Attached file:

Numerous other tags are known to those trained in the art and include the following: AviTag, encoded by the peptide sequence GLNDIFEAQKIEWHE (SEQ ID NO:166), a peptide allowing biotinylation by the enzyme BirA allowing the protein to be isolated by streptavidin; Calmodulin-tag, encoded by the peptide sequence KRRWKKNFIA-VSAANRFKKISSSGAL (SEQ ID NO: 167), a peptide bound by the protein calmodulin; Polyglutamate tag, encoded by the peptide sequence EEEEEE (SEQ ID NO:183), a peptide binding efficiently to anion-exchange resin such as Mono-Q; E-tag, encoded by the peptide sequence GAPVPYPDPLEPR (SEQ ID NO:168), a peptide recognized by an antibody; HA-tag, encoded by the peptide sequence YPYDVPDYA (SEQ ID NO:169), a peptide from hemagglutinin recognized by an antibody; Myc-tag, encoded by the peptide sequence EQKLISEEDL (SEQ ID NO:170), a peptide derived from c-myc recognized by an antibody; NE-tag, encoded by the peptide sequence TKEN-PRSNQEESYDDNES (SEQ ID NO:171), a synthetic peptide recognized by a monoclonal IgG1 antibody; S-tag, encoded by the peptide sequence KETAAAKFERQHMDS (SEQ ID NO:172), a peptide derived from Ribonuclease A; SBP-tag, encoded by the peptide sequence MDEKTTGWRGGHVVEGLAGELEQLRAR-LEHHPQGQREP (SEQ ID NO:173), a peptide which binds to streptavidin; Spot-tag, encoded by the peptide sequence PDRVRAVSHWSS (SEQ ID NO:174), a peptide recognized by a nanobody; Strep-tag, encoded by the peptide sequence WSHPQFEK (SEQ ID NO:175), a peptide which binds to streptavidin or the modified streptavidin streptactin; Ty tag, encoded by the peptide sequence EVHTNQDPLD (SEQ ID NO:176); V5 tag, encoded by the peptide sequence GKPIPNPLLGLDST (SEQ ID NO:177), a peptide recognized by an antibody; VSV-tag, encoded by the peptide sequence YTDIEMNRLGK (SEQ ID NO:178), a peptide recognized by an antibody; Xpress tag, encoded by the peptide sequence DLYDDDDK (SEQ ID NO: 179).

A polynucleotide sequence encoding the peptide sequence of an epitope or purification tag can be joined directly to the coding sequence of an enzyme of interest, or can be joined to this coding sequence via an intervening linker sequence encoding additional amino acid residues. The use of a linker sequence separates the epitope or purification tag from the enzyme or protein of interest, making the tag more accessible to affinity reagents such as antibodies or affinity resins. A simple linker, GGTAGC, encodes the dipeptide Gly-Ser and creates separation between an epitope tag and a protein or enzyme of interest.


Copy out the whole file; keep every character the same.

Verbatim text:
Numerous other tags are known to those trained in the art and include the following: AviTag, encoded by the peptide sequence GLNDIFEAQKIEWHE (SEQ ID NO:166), a peptide allowing biotinylation by the enzyme BirA allowing the protein to be isolated by streptavidin; Calmodulin-tag, encoded by the peptide sequence KRRWKKNFIA-VSAANRFKKISSSGAL (SEQ ID NO: 167), a peptide bound by the protein calmodulin; Polyglutamate tag, encoded by the peptide sequence EEEEEE (SEQ ID NO:183), a peptide binding efficiently to anion-exchange resin such as Mono-Q; E-tag, encoded by the peptide sequence GAPVPYPDPLEPR (SEQ ID NO:168), a peptide recognized by an antibody; HA-tag, encoded by the peptide sequence YPYDVPDYA (SEQ ID NO:169), a peptide from hemagglutinin recognized by an antibody; Myc-tag, encoded by the peptide sequence EQKLISEEDL (SEQ ID NO:170), a peptide derived from c-myc recognized by an antibody; NE-tag, encoded by the peptide sequence TKEN-PRSNQEESYDDNES (SEQ ID NO:171), a synthetic peptide recognized by a monoclonal IgG1 antibody; S-tag, encoded by the peptide sequence KETAAAKFERQHMDS (SEQ ID NO:172), a peptide derived from Ribonuclease A; SBP-tag, encoded by the peptide sequence MDEKTTGWRGGHVVEGLAGELEQLRAR-LEHHPQGQREP (SEQ ID NO:173), a peptide which binds to streptavidin; Spot-tag, encoded by the peptide sequence PDRVRAVSHWSS (SEQ ID NO:174), a peptide recognized by a nanobody; Strep-tag, encoded by the peptide sequence WSHPQFEK (SEQ ID NO:175), a peptide which binds to streptavidin or the modified streptavidin streptactin; Ty tag, encoded by the peptide sequence EVHTNQDPLD (SEQ ID NO:176); V5 tag, encoded by the peptide sequence GKPIPNPLLGLDST (SEQ ID NO:177), a peptide recognized by an antibody; VSV-tag, encoded by the peptide sequence YTDIEMNRLGK (SEQ ID NO:178), a peptide recognized by an antibody; Xpress tag, encoded by the peptide sequence DLYDDDDK (SEQ ID NO: 179).

A polynucleotide sequence encoding the peptide sequence of an epitope or purification tag can be joined directly to the coding sequence of an enzyme of interest, or can be joined to this coding sequence via an intervening linker sequence encoding additional amino acid residues. The use of a linker sequence separates the epitope or purification tag from the enzyme or protein of interest, making the tag more accessible to affinity reagents such as antibodies or affinity resins. A simple linker, GGTAGC, encodes the dipeptide Gly-Ser and creates separation between an epitope tag and a protein or enzyme of interest.